HANSEN: Purim, yes.

SHORTZ: Purim, good. Grackle, G-R-A-C-K-L-E, four letters.

Mr. HYMAN: Lark.

SHORTZ: Lark, good.

HANSEN: Very good.

SHORTZ: Try this: Cherokee C-H-E-R-O-K-E-E; the answer is five letters. Another Indian tribe.

Mr. HYMAN: Do I think tribe or vehicle?

SHORTZ: Oh, that's a good question. In this case, it's Indian tribe.

Mr. HYMAN: OK.

HANSEN: Give us a hint.

SHORTZ: Starts with a C.

Mr. HYMAN: Creek.

HANSEN: Nice.

SHORTZ: Creek is it, good. All right. How about boa constrictor, five letters.

Mr. HYMAN: Cobra.

SHORTZ: Cobra is it. Cather, C-A-T-H-E-R, five letters.

HANSEN: Well, there's only...

Mr. HYMAN: Oh, she's an author.

HANSEN: Yeah, and it's only six in the word so.

Mr. HYMAN: OK. And five letters.

SHORTZ: All right. I'll give you a hint: drop the C, use the other five.

Mr. HYMAN: Right.

SHORTZ: A...

Mr. HYMAN: Oh, Harte.

SHORTZ: Harte.

Mr. HYMAN: Bret Harte.

SHORTZ: Bret Harte is right. And here's your last one. It has two answers. Your word is maple M-A-P-L-E, and you're looking for both a three-letter answer and a four-letter answer.

Mr. HYMAN: All right. Elm.

HANSEN: Yeah.

SHORTZ: Elm is your three. And what's the four?

Mr. HYMAN: And palm.

HANSEN: Palm.

SHORTZ: Palm, good job.

HANSEN: Oh my.

Mr. HYMAN: Thank you (unintelligible).

HANSEN: Yeah. I mean, between music and math and here we get, you know, the word and letter puzzles, Daniel, and you did a great job.

Mr. HYMAN: Thank you so much.

HANSEN: Nice work. Well, we have an interesting person to tell you what you get for playing the puzzle today. He is a jazz and progressive rock drummer. He used to be with the bands Yes, King Crimson, and Earthworks. Here's Bill Bruford.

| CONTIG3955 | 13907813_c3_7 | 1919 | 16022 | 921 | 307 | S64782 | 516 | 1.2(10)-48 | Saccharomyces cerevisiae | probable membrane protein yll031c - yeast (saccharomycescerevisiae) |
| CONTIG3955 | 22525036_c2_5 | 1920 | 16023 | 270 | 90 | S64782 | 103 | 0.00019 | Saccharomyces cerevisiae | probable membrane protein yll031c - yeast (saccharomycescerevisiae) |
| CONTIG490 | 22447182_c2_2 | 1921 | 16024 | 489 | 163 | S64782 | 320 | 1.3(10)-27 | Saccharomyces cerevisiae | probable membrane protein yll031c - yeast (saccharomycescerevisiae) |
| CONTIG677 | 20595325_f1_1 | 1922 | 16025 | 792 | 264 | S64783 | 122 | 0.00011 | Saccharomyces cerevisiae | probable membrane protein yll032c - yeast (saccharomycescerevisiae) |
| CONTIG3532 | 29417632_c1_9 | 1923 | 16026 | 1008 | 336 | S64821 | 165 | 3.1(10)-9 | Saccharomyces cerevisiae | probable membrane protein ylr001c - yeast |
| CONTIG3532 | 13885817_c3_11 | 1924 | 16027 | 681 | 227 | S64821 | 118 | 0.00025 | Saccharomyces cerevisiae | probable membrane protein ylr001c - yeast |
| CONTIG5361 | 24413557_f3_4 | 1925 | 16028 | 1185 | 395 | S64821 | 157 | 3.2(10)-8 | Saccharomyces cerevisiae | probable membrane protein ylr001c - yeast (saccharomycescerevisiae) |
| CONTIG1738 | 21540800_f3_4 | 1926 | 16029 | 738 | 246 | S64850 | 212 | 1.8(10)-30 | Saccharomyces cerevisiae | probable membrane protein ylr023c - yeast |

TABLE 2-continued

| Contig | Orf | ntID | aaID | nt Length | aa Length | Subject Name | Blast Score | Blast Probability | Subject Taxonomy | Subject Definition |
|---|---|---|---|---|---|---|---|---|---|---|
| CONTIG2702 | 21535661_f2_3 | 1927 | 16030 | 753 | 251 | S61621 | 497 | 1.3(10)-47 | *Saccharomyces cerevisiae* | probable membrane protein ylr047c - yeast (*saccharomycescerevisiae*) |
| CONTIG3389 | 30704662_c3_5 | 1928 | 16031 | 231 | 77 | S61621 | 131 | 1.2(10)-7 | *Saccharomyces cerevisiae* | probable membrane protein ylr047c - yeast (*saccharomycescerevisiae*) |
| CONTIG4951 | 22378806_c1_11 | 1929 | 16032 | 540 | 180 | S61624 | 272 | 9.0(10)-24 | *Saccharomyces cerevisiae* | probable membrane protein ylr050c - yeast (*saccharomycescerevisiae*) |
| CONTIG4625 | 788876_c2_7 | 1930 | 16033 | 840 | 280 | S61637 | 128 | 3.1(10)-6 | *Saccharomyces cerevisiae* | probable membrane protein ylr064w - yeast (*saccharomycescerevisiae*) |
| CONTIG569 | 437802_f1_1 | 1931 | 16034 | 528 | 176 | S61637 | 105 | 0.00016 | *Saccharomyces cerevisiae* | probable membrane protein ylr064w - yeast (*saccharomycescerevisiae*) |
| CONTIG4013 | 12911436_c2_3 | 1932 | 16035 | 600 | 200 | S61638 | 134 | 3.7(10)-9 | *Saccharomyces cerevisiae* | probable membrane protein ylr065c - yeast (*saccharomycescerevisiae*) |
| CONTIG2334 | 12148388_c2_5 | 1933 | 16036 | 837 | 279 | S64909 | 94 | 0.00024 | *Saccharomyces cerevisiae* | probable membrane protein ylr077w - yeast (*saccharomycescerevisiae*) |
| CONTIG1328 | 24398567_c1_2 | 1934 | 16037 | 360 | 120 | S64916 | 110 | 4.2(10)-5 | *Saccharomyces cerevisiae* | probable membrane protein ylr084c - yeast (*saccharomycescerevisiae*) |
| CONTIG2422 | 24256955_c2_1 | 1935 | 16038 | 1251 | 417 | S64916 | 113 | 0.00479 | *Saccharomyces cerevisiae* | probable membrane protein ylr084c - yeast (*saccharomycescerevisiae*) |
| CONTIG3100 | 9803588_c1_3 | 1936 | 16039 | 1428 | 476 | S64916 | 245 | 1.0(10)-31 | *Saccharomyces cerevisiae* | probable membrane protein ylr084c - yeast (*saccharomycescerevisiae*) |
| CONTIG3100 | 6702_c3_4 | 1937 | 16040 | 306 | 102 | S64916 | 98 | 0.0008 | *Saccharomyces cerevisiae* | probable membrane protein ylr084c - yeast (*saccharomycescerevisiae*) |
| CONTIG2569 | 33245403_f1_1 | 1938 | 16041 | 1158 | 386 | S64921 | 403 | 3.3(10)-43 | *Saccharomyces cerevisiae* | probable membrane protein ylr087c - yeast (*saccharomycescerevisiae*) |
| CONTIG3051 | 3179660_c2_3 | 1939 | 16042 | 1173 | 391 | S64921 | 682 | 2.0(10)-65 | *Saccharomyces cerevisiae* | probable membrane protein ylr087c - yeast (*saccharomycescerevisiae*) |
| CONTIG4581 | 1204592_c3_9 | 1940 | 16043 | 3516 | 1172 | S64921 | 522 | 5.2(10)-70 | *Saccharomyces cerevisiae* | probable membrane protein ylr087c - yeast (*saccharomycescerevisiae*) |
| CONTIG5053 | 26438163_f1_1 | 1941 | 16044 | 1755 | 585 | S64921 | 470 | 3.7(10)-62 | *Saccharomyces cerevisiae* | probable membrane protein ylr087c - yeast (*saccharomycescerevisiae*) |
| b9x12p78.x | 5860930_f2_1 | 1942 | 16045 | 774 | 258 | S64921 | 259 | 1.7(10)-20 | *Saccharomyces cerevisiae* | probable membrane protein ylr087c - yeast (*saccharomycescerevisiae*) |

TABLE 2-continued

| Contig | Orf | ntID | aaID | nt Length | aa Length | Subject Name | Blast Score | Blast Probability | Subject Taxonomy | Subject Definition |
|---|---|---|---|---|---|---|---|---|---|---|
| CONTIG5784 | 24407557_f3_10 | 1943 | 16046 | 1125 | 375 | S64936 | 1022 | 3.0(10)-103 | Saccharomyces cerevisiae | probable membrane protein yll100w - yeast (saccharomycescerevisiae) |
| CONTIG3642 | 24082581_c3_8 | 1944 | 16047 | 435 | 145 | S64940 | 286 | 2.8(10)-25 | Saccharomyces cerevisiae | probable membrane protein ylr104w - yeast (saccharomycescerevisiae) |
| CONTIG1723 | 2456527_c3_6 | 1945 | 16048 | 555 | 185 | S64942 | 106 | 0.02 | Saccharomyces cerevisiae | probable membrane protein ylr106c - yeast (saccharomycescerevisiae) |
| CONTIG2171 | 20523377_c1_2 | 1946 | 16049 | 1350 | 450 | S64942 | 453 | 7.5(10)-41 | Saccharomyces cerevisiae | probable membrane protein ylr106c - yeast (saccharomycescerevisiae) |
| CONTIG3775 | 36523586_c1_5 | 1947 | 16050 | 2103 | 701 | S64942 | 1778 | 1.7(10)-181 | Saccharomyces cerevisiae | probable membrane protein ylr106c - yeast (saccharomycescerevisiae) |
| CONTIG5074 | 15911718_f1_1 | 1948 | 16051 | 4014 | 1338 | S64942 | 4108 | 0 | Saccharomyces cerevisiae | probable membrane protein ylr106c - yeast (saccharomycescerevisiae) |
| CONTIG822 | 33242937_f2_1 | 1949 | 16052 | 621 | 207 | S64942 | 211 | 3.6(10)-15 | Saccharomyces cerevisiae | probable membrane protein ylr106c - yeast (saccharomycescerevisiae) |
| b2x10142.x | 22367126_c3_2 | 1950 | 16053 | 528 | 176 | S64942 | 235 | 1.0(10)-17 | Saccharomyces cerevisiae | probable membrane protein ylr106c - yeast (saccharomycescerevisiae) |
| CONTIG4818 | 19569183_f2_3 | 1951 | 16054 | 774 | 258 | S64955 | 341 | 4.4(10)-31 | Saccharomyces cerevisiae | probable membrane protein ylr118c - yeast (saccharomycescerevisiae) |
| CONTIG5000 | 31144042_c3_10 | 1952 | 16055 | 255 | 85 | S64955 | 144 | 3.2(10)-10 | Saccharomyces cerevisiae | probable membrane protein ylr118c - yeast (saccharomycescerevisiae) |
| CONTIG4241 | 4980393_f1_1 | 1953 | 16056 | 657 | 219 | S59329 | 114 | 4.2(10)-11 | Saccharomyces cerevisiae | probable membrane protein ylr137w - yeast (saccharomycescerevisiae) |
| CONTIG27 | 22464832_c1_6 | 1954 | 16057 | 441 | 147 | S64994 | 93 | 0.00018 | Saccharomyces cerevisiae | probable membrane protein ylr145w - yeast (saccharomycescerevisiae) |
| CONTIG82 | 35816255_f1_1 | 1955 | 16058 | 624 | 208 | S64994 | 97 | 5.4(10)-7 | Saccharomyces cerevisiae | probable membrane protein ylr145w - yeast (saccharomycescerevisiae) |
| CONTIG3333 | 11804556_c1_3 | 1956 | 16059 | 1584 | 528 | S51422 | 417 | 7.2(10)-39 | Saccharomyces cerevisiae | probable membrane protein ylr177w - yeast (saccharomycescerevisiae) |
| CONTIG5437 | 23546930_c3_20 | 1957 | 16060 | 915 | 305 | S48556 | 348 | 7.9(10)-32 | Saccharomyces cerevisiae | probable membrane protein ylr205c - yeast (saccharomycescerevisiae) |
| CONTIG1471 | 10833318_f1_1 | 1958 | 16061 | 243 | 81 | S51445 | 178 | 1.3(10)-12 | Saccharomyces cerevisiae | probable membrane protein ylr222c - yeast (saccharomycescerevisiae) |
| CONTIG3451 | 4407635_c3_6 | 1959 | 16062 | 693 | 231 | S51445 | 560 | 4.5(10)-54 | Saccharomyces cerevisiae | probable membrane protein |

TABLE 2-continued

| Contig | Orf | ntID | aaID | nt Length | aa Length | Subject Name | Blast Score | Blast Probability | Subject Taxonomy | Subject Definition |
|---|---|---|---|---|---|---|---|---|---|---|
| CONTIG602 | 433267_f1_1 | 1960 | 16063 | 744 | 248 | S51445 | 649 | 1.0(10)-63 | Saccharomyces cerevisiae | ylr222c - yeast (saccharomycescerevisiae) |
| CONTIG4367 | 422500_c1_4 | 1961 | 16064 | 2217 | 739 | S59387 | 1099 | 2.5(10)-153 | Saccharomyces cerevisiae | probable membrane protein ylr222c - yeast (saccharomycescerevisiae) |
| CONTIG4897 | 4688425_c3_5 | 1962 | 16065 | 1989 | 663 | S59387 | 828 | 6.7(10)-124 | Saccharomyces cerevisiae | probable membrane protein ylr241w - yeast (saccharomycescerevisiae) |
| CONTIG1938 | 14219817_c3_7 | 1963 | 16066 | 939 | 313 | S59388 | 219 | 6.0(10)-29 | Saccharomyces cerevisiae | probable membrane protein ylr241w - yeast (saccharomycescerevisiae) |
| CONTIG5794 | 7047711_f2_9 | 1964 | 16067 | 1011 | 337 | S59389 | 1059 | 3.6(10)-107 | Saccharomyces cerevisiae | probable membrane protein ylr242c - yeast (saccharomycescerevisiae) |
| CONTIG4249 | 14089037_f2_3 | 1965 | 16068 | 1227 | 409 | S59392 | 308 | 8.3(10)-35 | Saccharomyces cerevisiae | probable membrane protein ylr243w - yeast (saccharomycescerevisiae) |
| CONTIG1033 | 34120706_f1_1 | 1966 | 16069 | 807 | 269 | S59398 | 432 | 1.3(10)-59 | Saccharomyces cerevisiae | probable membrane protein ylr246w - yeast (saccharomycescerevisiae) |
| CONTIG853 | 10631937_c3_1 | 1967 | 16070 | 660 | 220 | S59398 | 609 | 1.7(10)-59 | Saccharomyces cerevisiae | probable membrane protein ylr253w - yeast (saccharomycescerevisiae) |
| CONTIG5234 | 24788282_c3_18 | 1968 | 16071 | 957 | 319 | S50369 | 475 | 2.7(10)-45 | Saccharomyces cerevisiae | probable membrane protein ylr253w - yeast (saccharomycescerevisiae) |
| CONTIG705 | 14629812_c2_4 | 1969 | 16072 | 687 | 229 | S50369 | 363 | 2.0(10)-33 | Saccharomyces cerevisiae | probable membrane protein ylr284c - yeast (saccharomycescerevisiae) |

(Soundbite of drumming)

Mr. BILL BRUFORD (Musician): For playing our puzzle today, you'll get a WEEKEND EDITION lapel pin, the "Scrabble Deluxe Edition" from Parker Brothers, the book series "Will Shortz Presents KenKen" Volumes 1, 2 and 3 from St. Martin's Press, one of Will Shortz's "Puzzlemaster Decks of Riddles and Challenges" from Chronicle Books, and a CD compilation of NPR's Sunday Puzzles.

(Soundbite of drumming)

HANSEN: And my conversation with Bill Bruford about his new book is coming up in a few minutes.

But, Daniel, before you go, you have to tell us what member station you listen to.

Mr. HYMAN: There's two of them: WNYC and WQXR.

HANSEN: WQXR, classical music. Okay. Daniel Hyman of Queens, New York, thanks for playing the puzzle with us. It was a lot of fun.

Mr. HYMAN: Thank you so much.

HANSEN: Will, you have a holiday challenge for us yet?

Mr. SHORTZ: It's - not yet. No, I have to think about that. But I do have a challenge for you. And you know, two weeks ago, I gave a challenge involving the setting of an old TV show. And the answer, you remember, was Wayne Manor -as in the home for Batman.

Well, listener Ward Hartenstein of Rochester, New York, has come up with a new puzzle based on that answer.

Rearrange the letters of Wayne Manor to name two well-known American corporations, past or present. And your answer can be two five-letter names, a six and a four, seven and three - that's for you to figure.

So again, rearrange the letters of Wayne Manor to name two well-known American corporations, past or present. What corporations are they?

HANSEN: When you have the answer, go to our website, NPR.org/puzzle. Click on the Submit Your Answer link. Only one entry per person, please. Our deadline is Thursday, 3 P.M. Eastern Time. Please include a phone number where we can reach you at that time. We'll call you if you're the winner and you'll get to play puzzle on the air with the puzzle editor of The New York Times and WEEKEND EDITION's puzzlemaster, Will Shortz.

Will, Thanks a lot, Will.

Mr. SHORTZ: Thanks, Liane.